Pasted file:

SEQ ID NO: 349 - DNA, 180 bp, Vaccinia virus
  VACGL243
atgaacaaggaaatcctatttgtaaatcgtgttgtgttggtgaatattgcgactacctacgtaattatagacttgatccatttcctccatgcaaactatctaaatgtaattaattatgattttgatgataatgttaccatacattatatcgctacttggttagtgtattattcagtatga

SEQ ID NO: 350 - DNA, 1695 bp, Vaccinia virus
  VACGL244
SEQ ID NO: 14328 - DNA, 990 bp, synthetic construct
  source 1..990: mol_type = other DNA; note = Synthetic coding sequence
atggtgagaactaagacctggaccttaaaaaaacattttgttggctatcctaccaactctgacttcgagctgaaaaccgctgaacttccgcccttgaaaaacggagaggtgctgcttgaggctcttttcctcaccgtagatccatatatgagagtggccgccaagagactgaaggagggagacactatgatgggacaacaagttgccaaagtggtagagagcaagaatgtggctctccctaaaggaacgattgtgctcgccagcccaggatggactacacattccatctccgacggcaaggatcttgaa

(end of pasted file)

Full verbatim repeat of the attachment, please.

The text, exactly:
SEQ ID NO: 349 - DNA, 180 bp, Vaccinia virus
  VACGL243
atgaacaaggaaatcctatttgtaaatcgtgttgtgttggtgaatattgcgactacctacgtaattatagacttgatccatttcctccatgcaaactatctaaatgtaattaattatgattttgatgataatgttaccatacattatatcgctacttggttagtgtattattcagtatga

SEQ ID NO: 350 - DNA, 1695 bp, Vaccinia virus
  VACGL244
SEQ ID NO: 14328 - DNA, 990 bp, synthetic construct
  source 1..990: mol_type = other DNA; note = Synthetic coding sequence
atggtgagaactaagacctggaccttaaaaaaacattttgttggctatcctaccaactctgacttcgagctgaaaaccgctgaacttccgcccttgaaaaacggagaggtgctgcttgaggctcttttcctcaccgtagatccatatatgagagtggccgccaagagactgaaggagggagacactatgatgggacaacaagttgccaaagtggtagagagcaagaatgtggctctccctaaaggaacgattgtgctcgccagcccaggatggactacacattccatctccgacggcaaggatcttgaa